Stephanie McDermott opened The Vale Collective, a 2,550-square-foot store at 113 North 7th Street in Williamsburg, Brooklyn, as an antidote to chains such as Urban Outfitters, J. Crew, American Apparel, Maje, Sandro, Madewell and Gant that have proliferated in the neighborhood.
“I moved to Williamsburg and didn’t find shopping that pleased me,” she said. “Gentrification is occurring at the most rapid rate possible.”
At the Vale, you can pick out a book from the library, get a cup of joe at the coffee bar and relax in the tranquil garden terrace or check out the art exhibit in the gallery on the lower level. If you pass a cute dress or pair of shoes romantically inscribed with, “I cannot be/away from you any longer,” on the way, so much the better.
Fashion isn’t incidental to the other diversions, but McDermott was surprised to find how popular the Birch coffee is. “We’re relying quite heavily on our coffee,” she said. “Our coffee is our money-spinner at the moment.”
McDermott, a former editor at large for Vogue Italia, eschews American labels for “European niche brands that you can’t find everywhere,” she said. In addition to Bless the Mess, Chiara Ferragni, Talulah, Hare and Ferrucci Milano, she peppers the assortment with one-offs such as a handmade embroidered jacket from Spain and a bespoke “Alice in Wonderland” clutch made in a Neapolitan book bindery.
“I’m 28 and I’m beginning to feel a little old for American Apparel and Urban Outfitters, which are some of our neighbors,” McDermott said. “Young, upwardly mobile people aren’t granola and they’re not going to wear Spandex. My shop gives that middle ground.”
But one person’s middle ground is another’s high-water mark. The Chatelles loafers, with their declarations of love, have been worn by Kate Middleton. “The cobbler originally made them for his girlfriend,” McDermott said. “But she dumped him and kept the shoes.”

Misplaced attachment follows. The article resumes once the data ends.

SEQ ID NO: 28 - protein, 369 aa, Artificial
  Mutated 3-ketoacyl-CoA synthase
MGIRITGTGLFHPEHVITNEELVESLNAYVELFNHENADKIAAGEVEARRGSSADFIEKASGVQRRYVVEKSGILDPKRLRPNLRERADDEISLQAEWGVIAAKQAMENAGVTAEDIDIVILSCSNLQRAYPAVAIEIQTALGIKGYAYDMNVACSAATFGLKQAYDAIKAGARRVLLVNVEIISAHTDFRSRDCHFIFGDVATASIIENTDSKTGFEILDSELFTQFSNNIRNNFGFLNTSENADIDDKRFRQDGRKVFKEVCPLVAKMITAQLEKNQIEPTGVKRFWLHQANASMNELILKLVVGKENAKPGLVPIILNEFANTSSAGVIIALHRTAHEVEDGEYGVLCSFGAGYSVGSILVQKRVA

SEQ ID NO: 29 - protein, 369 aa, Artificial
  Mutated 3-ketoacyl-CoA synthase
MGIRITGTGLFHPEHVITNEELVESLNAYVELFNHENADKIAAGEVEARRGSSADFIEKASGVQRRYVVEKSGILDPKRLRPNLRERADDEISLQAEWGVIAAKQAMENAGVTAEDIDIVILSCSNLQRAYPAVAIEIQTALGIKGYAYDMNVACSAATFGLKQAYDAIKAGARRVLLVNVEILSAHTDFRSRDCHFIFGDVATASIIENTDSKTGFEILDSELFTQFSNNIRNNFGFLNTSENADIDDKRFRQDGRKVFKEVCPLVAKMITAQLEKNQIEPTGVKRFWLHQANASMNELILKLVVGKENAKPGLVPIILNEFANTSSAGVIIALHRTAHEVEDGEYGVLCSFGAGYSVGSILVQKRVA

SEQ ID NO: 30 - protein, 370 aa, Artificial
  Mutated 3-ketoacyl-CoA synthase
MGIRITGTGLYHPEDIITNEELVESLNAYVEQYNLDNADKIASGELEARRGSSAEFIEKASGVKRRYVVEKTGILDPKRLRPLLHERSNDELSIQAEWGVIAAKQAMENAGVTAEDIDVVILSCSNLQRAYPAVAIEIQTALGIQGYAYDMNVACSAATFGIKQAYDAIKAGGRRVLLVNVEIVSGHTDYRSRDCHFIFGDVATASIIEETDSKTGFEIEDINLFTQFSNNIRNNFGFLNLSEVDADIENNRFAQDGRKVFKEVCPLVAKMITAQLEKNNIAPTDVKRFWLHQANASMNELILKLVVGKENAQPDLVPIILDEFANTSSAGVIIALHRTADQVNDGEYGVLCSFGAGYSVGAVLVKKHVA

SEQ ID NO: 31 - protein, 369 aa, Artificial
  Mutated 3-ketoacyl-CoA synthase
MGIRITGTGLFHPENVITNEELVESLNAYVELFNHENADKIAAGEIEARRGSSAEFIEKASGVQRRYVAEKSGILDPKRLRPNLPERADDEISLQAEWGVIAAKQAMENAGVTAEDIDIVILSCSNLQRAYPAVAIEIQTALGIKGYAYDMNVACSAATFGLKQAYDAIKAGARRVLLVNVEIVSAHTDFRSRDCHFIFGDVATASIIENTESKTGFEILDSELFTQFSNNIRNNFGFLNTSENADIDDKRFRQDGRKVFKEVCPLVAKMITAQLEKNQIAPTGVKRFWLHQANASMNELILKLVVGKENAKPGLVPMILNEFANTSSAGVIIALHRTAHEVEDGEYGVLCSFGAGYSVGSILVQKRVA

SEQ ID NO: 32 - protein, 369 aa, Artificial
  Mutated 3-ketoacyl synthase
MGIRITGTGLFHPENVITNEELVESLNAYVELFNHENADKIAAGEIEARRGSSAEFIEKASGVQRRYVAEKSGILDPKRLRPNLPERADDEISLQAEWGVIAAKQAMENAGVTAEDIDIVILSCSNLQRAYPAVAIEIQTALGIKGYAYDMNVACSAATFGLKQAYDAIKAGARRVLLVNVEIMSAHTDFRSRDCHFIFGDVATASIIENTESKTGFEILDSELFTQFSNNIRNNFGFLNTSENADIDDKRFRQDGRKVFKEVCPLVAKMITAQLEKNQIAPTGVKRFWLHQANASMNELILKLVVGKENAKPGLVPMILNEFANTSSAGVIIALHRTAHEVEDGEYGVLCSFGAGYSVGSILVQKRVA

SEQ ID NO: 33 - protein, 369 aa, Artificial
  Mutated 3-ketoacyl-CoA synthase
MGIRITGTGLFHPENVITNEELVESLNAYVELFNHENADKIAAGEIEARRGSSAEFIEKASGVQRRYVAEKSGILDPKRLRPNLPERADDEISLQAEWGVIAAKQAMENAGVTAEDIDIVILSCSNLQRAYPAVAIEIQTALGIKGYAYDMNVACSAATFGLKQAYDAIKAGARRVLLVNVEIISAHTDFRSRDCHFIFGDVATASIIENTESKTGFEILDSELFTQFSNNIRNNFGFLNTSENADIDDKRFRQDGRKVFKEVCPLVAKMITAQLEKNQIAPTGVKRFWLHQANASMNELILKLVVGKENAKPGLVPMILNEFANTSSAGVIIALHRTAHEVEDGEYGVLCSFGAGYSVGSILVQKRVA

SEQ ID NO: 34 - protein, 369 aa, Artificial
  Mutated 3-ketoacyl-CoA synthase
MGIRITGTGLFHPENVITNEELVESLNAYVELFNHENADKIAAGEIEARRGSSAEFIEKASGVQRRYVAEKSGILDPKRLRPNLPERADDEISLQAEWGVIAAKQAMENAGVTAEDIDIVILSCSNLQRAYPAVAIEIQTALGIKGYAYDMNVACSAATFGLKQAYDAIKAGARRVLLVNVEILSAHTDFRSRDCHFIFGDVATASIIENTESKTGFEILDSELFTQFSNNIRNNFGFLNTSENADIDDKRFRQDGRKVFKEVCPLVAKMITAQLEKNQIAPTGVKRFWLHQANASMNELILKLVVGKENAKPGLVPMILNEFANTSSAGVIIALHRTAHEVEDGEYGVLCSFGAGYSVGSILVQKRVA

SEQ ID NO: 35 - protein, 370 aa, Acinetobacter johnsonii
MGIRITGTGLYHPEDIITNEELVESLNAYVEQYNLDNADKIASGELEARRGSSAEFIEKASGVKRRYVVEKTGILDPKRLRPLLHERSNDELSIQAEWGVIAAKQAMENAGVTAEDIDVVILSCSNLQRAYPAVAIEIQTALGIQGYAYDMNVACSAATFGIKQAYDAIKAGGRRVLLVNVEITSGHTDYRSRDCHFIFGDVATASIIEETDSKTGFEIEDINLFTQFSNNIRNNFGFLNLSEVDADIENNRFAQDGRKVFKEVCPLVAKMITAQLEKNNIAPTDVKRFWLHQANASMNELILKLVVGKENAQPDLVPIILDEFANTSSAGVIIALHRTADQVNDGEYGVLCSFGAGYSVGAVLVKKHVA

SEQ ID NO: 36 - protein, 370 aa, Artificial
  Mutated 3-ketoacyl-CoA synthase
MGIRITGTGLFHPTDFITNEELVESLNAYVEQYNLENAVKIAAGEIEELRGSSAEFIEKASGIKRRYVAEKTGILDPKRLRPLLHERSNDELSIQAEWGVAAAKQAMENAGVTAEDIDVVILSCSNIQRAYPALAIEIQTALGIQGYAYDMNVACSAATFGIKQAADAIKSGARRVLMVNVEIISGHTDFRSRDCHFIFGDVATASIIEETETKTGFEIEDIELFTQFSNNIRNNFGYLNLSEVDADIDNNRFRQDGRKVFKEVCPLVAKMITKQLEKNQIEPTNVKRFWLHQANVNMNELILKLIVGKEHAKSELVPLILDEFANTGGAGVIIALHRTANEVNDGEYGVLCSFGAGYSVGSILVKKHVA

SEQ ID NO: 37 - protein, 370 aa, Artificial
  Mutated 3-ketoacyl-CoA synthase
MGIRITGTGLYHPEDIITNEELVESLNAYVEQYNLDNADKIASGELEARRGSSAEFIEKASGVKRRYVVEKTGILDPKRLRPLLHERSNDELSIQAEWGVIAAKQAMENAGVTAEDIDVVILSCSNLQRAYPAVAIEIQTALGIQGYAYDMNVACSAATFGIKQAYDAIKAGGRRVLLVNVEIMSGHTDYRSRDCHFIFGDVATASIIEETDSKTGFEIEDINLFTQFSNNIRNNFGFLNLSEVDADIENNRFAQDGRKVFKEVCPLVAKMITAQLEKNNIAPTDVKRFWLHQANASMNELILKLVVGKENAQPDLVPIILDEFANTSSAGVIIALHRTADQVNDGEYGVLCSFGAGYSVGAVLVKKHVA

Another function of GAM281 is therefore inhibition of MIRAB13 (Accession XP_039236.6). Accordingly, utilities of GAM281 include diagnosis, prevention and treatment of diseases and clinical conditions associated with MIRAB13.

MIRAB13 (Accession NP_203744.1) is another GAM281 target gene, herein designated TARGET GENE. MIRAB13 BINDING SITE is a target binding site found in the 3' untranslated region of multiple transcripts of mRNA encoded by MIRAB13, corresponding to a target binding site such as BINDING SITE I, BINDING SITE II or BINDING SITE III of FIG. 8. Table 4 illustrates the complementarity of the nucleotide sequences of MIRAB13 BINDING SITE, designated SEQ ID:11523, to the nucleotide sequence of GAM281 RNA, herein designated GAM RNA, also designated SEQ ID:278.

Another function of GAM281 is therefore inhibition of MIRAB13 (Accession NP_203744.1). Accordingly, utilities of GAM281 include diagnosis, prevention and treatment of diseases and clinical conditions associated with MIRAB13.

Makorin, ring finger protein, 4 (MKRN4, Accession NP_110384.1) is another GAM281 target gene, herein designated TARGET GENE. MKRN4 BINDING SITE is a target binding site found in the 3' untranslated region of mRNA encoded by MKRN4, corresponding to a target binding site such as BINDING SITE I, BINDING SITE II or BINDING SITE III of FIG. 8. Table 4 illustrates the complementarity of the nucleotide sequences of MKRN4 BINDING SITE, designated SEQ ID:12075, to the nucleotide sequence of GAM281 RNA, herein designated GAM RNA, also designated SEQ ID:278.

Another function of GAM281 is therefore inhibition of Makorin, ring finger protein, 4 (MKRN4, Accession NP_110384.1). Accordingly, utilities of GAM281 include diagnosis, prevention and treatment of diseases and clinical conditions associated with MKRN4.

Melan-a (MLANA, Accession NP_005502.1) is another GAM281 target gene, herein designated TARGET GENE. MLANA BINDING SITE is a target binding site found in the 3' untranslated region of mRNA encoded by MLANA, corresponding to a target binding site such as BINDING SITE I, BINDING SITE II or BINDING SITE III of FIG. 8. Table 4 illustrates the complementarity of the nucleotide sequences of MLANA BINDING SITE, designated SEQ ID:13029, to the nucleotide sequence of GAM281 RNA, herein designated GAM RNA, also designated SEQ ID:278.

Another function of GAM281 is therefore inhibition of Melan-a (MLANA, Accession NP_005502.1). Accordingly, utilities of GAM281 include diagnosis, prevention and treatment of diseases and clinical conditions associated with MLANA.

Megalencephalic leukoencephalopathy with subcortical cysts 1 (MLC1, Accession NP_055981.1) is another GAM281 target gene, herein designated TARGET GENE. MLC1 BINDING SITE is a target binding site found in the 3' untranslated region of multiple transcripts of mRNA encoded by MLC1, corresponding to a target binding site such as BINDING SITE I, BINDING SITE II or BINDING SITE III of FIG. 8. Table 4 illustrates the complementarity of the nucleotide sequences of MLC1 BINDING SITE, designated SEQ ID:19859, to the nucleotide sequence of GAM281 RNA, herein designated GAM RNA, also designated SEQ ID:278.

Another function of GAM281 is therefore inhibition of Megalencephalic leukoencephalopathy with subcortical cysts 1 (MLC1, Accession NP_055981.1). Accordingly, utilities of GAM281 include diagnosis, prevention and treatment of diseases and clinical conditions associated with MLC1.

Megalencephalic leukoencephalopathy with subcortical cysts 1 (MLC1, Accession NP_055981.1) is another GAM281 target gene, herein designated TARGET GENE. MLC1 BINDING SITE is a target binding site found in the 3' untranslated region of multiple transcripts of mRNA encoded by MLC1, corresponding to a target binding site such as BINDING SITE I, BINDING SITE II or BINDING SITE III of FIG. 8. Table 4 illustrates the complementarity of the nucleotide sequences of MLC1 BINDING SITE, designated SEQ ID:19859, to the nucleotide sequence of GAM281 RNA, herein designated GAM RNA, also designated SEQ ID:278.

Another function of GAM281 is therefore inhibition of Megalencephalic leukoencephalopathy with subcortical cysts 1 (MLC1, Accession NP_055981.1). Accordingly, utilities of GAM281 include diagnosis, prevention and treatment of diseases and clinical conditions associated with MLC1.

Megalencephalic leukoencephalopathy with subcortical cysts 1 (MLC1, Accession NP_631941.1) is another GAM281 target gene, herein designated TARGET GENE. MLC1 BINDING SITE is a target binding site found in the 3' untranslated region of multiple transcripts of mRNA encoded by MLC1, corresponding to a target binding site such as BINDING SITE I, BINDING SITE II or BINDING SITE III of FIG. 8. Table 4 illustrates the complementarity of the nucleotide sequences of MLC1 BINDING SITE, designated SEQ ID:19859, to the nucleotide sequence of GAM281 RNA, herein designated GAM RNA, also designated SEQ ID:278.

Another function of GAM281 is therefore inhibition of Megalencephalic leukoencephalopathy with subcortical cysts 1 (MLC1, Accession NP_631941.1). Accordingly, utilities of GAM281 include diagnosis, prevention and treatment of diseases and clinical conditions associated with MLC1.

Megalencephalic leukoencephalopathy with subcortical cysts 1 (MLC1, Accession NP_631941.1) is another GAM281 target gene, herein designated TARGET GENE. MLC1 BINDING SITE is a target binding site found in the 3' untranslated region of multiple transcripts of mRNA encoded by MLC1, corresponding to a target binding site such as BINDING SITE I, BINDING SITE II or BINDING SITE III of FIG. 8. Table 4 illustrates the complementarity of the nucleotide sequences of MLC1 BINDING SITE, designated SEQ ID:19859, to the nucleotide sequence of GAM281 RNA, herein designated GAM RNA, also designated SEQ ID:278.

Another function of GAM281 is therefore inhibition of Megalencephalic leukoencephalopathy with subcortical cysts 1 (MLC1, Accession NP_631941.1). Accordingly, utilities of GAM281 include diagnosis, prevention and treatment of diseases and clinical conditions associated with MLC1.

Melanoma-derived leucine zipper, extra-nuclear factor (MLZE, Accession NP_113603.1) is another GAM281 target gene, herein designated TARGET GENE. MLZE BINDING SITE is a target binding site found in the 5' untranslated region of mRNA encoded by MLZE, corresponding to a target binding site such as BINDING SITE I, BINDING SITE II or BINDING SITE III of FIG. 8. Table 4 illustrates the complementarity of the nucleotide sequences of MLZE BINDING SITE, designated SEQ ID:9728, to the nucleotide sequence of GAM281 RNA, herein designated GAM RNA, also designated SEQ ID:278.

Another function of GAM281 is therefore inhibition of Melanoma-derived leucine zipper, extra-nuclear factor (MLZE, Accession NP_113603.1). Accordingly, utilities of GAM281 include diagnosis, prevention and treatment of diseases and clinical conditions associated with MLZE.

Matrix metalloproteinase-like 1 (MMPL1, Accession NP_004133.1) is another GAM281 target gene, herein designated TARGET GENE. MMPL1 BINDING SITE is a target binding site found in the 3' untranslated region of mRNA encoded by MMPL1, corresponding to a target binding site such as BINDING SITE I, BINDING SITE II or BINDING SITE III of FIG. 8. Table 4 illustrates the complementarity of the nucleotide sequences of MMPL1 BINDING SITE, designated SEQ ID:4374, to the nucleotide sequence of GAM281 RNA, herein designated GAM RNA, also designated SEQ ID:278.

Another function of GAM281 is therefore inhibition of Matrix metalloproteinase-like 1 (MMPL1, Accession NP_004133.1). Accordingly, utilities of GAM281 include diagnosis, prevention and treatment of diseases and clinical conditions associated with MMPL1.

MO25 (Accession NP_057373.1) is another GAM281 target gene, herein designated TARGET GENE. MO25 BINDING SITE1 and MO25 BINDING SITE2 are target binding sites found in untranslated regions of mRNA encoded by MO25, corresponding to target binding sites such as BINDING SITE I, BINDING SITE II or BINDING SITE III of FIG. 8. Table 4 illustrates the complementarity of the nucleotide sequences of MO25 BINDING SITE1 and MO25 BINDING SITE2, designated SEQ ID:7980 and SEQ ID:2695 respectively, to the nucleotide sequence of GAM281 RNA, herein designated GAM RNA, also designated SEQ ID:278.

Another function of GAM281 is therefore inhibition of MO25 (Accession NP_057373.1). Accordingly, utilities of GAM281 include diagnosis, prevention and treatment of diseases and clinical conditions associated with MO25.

The Vale features small Australian brands such as Keepsake, Cameo and Finders Keepers “because they seem to be the ones doing innovative things at not obscene price points,” said McDermott. “We have a new Australian sunglass brand, Quay. Beyoncé loves them so much, Jay Z bought her a pair in every color.”
Long floaty dresses from Beach Candy come in candy colored hand-silk screened fabric from India. The Vale’s prices range from $50 for a T-shirt to $500 for a Plexiglas Yazbukey clutch. Art is $750 to $10,000.
The fact that Vale occupies a former dive bar didn’t escape McDermott. “We’ve gone through three rounds of approvals with the community board for permission to sell beer and Champagne,” she said. “We’re not a bar and are never hoping to be a bar. We have a pretty garden and thought it would lend itself quite nicely to a cold beer.”
McDermott said The Vale is self-funded, with some help from her family in the beginning. “We’ve done it all a little rough around the edges,” she said. “We have this gritty floor and racks made from vintage steel pipes. My mother who is from Switzerland and likes everything to be very precise and perfect was a little concerned when she came here.
“At some high-end boutiques, you can’t take anything out or try anything on because this hawk eye woman is watching you,” she said. “I wanted this to be a place where you can pick up and touch anything. I wanted it to be a laid-back shopping environment.”